The app is also much quicker. An entire building can be scanned in just two hours rather than several days.
To commercialise the technology, Electric Pocket has joined forces with tech company Build Test Solutions.
The team was funded by UK Research and Innovation’s (UKRI) Transforming Construction Challenge, to test HEAT3D in the unique Energy House facility at Salford University, the only fully climate-controlled research facility in the world.
Smart hot water tanks
Whether it is heating our radiators or running a hot bath, heating water accounts for a lot of home energy use.
Conventional hot water tanks heat all the water in the tank irrespective of how much hot water is required. This wastes energy and results in unnecessarily long heating times.
However a new ‘smart’ water tank developed by researchers at the University of Oxford only heats the water you need, saving up to 20% on hot water bills.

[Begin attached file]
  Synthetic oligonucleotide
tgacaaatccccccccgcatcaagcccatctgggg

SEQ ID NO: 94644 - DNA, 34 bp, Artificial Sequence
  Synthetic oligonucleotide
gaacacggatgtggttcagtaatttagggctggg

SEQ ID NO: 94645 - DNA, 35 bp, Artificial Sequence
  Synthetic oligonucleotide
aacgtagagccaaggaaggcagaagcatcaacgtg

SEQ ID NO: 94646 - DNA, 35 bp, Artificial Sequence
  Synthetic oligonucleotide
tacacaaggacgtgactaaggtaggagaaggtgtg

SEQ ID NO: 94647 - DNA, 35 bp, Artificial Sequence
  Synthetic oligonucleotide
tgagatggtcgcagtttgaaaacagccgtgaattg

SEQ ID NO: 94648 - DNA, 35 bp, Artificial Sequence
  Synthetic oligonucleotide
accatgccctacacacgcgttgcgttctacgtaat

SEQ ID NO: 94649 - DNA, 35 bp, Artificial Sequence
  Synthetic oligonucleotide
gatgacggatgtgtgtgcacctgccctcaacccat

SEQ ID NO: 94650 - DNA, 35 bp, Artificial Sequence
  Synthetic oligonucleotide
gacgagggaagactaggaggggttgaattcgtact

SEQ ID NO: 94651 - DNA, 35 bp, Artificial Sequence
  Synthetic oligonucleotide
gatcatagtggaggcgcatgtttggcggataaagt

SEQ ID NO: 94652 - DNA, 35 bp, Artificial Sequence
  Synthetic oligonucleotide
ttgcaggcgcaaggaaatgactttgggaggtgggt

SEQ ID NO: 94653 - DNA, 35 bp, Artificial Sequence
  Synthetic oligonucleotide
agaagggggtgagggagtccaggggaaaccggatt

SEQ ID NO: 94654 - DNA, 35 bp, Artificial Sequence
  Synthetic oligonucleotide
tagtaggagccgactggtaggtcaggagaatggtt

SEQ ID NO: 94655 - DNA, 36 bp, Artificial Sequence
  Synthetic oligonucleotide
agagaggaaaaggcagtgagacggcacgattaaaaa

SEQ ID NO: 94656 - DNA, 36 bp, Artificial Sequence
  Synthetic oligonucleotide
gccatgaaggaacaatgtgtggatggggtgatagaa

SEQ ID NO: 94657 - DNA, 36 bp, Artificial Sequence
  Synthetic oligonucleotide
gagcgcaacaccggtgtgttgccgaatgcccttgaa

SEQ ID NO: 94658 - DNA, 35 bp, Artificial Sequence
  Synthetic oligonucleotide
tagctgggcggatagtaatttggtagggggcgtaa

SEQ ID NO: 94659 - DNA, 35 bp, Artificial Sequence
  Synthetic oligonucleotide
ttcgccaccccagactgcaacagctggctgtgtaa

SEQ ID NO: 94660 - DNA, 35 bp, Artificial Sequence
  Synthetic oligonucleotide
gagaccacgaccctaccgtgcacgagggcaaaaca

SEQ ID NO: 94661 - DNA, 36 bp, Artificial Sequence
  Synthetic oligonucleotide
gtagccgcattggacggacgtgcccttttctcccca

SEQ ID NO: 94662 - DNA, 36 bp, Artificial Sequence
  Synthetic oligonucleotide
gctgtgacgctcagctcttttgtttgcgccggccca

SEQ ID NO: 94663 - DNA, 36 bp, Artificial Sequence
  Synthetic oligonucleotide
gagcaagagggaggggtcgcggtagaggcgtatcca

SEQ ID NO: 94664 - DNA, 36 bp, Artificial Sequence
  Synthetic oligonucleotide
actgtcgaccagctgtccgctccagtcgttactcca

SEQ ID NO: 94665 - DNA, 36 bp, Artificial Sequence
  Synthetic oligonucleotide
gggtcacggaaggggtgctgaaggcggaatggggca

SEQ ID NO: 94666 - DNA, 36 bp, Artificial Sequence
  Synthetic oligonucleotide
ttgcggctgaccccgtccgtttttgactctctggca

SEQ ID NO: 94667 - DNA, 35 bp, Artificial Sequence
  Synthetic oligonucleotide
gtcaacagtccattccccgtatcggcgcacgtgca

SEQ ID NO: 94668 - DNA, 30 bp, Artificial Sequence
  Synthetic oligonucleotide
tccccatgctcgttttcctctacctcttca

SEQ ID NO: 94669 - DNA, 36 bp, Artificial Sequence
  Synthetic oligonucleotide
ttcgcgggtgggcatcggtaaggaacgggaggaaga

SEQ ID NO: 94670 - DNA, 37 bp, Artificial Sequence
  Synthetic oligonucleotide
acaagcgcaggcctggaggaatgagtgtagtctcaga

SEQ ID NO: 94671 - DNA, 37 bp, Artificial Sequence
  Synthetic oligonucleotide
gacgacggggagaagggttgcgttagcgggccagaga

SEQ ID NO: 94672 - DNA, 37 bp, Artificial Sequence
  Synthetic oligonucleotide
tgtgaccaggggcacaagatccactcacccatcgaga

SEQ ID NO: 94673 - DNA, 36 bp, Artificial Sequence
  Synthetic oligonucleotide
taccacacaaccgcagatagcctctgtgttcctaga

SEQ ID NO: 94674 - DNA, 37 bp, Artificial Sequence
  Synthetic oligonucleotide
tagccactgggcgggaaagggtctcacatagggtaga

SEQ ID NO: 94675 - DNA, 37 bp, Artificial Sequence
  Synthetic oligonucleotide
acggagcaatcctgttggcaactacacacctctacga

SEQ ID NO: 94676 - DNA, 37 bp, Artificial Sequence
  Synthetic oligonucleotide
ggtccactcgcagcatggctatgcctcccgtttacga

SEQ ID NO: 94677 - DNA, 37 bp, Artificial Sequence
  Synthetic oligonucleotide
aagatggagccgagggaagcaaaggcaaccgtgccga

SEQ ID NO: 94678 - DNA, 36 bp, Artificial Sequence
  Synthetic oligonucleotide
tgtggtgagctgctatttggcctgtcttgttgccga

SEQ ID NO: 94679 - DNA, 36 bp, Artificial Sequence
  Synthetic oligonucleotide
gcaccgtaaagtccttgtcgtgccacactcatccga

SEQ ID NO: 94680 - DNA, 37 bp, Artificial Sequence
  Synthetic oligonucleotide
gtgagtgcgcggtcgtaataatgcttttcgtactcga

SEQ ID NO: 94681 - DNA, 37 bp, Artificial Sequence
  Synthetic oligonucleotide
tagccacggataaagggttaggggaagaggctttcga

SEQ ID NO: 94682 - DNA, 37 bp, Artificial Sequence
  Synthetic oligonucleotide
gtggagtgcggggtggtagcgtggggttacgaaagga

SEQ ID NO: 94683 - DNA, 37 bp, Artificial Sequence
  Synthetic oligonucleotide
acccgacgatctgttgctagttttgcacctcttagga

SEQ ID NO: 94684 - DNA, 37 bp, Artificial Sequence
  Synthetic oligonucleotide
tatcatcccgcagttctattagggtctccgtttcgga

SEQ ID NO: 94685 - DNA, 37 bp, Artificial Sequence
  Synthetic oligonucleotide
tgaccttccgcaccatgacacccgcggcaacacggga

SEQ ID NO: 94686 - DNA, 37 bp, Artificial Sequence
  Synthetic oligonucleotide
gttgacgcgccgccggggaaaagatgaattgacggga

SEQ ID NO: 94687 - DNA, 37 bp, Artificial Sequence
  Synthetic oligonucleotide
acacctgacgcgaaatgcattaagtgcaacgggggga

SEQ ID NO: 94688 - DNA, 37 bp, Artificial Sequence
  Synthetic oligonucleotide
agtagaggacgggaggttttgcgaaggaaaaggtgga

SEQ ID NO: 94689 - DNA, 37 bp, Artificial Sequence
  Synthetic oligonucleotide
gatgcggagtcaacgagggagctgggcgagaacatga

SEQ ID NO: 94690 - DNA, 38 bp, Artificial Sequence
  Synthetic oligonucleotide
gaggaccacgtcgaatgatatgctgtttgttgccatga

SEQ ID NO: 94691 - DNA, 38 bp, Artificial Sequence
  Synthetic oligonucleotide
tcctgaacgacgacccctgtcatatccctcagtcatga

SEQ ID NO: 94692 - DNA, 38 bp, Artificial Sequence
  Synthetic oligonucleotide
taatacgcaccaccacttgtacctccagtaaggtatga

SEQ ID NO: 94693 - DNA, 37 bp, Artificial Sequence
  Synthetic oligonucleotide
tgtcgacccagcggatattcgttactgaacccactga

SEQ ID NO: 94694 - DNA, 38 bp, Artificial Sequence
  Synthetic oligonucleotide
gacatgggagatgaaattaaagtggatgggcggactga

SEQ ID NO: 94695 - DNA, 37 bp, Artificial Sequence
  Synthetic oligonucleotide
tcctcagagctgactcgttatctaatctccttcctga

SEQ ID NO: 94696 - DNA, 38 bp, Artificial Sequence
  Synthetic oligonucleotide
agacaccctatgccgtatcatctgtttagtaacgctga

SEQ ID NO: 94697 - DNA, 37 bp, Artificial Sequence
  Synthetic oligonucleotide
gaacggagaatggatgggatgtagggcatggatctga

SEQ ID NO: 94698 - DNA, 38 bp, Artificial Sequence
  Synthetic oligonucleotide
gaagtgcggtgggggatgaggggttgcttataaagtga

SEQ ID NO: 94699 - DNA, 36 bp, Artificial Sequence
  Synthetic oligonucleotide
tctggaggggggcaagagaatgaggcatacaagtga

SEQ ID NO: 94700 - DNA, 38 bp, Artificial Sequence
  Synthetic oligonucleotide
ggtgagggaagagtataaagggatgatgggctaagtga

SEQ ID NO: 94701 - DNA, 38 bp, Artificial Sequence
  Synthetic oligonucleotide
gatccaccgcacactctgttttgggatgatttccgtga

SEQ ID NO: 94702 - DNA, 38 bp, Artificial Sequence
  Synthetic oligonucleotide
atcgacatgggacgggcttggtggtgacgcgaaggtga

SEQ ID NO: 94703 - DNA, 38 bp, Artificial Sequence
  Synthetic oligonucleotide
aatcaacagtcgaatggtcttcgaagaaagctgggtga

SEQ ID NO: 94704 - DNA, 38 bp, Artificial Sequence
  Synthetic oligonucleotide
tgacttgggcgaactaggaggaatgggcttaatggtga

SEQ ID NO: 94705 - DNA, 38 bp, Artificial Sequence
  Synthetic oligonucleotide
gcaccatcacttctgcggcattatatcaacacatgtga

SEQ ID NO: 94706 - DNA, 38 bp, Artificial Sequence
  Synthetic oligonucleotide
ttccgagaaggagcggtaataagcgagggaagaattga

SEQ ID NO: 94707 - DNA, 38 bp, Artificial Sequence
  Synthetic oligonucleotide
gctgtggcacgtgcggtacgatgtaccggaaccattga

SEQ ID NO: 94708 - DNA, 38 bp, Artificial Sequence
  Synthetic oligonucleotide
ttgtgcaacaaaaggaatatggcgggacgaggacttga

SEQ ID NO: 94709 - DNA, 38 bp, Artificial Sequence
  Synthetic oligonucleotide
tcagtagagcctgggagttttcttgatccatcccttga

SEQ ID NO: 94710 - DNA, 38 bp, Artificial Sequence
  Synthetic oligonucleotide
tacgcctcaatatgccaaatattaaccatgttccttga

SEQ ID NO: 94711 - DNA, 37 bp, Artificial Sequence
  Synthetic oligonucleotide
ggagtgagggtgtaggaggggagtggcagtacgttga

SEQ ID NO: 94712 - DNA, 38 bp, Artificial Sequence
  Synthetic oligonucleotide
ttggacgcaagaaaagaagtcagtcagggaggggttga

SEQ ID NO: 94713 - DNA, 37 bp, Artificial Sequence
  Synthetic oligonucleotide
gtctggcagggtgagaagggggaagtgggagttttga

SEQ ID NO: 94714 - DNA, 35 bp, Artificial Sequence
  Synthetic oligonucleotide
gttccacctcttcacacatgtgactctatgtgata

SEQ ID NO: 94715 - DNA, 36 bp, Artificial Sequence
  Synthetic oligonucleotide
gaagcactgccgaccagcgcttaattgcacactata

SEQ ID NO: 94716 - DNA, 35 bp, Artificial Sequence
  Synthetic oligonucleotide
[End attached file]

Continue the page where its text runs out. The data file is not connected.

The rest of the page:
The tank is the brainchild of University of Oxford researchers Pete Armstrong and Ren Kang. It was originally designed as a solution to a particular problem facing the UK’s energy sector.
What problem you ask?
As more and more of the UK’s energy needs are met by renewables, the supply of power into the national grid is becoming more variable. On really sunny or windy days there can be too much electricity for the grid to manage.
The flip side of the coin is that when consumer demand is high, there may not be enough energy from renewables to meet that demand.
Armstrong and Kang designed their smart hot water tank to act like a hot water ‘battery’ and store excess energy generated from renewables.
However, the tank could also be used by everyday people in their own homes.
It contains an onboard smart controller that connects the tank to the internet. This allows users to control their hot water through an app, set schedules and track their consumption and costs.
The tank also uses artificial intelligence (AI) to learn and predict at what times of day the user will need hot water, automatically adjusting the schedule as required.